Money Matters: how freelancers can avoid expensive mistakes
Money. Money. Money. You can’t have a business without it, and it’s a lot of work to have a business with it. We are a bank, we would know. Hopefully, we all work our way to the latter side of that self employment result spectrum, despite all that work. So usually when money goes missing or has to be spent and we were not expecting it, it often occurs from a mistake. And any mistake that costs you money when it should not have, is an expensive mistake. So, let’s look at how you can avoid them.
And hey, we know not everything can be about money, but it really is the turnkey solution to 99% of business problems. So, avoiding expensive mistakes by keeping your cashflow on lock seems like a pretty interesting topic to remind ourselves of, especially when so much of our days are devoted to other things.
Bookkeeping (a classic…)
Previously, we have spoken about when you need to ask for help, and in this case, well it’s is usually the one people answer most with - yes. For many self-employed, the bookkeeping is a real challenge and chore - instead of focusing on the core tasks accumulate regularly tons of paperwork and time. How to handle your bookkeeping requires a decision between economy and safety. Granted, consulting a tax advisor has its price, which sometimes leaves a hole in your wallet.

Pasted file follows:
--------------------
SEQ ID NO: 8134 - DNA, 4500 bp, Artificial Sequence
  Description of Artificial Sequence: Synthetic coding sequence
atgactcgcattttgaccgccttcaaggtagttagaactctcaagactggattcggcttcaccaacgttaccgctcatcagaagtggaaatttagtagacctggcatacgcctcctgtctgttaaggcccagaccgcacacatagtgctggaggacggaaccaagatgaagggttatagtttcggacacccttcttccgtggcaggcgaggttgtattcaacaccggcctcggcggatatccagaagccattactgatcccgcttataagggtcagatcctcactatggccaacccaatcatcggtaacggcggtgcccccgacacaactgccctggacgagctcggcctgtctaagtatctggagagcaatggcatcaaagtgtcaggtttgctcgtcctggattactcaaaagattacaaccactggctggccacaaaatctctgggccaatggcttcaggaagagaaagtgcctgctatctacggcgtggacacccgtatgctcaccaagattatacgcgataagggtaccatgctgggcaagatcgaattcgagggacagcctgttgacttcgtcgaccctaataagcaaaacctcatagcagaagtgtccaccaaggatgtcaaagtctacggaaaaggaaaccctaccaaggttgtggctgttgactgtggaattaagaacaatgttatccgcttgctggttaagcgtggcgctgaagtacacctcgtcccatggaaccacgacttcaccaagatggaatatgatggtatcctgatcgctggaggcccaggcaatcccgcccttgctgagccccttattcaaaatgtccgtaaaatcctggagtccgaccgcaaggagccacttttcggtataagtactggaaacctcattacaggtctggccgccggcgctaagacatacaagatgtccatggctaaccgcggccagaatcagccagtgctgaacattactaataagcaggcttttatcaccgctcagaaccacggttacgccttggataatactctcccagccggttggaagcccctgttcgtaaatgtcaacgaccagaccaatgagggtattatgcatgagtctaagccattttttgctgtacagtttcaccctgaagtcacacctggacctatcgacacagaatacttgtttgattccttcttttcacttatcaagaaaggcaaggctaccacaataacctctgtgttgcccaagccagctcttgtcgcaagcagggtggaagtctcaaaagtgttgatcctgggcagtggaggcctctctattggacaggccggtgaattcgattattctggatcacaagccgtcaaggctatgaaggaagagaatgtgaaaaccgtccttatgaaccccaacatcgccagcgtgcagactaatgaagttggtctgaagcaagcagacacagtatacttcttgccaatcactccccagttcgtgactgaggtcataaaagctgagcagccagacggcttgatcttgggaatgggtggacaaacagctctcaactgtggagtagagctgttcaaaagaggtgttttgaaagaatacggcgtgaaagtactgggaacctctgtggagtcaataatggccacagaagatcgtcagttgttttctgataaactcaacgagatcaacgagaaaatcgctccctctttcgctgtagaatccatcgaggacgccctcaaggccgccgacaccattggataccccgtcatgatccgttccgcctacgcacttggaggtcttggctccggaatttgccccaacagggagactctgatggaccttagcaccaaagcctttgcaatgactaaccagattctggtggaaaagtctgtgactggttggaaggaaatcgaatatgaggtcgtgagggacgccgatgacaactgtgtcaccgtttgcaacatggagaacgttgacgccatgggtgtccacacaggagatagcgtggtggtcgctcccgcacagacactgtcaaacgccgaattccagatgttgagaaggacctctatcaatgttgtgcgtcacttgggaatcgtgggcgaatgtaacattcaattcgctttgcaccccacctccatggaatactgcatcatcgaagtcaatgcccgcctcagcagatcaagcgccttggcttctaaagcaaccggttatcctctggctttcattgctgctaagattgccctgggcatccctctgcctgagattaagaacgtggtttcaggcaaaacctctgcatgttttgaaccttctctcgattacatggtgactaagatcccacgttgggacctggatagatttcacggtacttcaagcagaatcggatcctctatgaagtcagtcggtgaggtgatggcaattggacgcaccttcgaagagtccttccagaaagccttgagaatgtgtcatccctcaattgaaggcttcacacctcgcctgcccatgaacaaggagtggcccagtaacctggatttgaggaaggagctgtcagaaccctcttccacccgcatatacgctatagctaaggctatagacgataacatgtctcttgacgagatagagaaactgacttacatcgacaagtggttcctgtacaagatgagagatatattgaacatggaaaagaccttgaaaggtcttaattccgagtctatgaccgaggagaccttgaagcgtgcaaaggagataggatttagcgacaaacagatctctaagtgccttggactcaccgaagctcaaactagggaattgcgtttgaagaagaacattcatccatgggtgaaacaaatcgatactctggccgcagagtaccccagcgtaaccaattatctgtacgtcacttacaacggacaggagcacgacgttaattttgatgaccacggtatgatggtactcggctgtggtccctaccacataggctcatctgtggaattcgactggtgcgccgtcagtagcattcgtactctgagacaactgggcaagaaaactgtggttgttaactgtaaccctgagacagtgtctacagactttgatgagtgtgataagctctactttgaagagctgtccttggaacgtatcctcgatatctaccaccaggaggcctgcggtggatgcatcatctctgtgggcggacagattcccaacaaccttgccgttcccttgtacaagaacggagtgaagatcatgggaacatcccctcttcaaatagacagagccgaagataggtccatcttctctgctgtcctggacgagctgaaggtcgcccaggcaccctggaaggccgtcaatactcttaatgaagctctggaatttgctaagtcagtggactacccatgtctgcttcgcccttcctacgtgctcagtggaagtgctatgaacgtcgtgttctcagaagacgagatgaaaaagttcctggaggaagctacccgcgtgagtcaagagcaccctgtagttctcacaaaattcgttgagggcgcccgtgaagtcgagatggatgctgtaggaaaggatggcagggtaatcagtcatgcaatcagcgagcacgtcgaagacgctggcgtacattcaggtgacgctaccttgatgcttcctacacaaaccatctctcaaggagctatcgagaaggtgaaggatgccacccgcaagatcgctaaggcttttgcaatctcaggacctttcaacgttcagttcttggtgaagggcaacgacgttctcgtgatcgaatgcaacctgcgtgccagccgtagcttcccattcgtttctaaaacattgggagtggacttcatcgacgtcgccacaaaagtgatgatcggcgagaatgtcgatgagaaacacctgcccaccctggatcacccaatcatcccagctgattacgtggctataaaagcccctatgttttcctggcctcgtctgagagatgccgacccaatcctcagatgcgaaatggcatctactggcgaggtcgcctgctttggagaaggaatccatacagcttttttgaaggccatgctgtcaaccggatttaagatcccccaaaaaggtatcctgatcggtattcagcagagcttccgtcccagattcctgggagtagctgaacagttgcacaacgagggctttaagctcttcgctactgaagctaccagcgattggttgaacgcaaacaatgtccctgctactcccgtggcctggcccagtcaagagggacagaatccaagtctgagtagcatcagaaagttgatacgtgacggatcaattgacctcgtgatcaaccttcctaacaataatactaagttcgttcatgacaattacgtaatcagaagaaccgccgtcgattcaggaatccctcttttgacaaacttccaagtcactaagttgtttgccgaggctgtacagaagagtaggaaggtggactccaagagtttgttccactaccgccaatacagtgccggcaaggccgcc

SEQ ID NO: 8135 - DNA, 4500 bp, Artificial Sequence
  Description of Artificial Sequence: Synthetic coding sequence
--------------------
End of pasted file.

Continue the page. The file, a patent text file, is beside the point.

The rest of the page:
On the other hand, there is the time required to handle the entire bookkeeping and tax declaration, as well as the uncertainty of making mistakes. No matter which way you go as a self-employed person, mistakes in tax returns are quickly expensive and stressful, as anyone dealing with the Finanzamt would know. Really, they are mean even when you have NOT done anything wrong...
The real problems are not impending penalties for tax cuts or tax evasion. Rather, self-employed people are already threatened by high back taxes and the interest due on them. Because sometimes it can even take years before errors in tax returns are noticed and punished. Suppose you set up your own business in 2019. Then your first business tax returns will be due in July 2020 - so in particular ...
- the revenue surplus calculation
- the income tax return with information about your self-employed and/or commercial income,
- the VAT return and possibly also
- the trade tax declaration.
At the earliest in the fall of 2020 you will then hold your first tax assessment as a self-employed person in your hands. Congratulations, isn’t adulthood grand? With a tax audit, the tax office can now take up to ten years time - and in specific suspected tax offenses even longer. Now, for the sake of simplicity, small businesses are usually audited for three years at a time. If errors are found in a subsequent external audit, they will not only affect the 2018-2020 review period but all previous financial years. In this case, that's almost five years!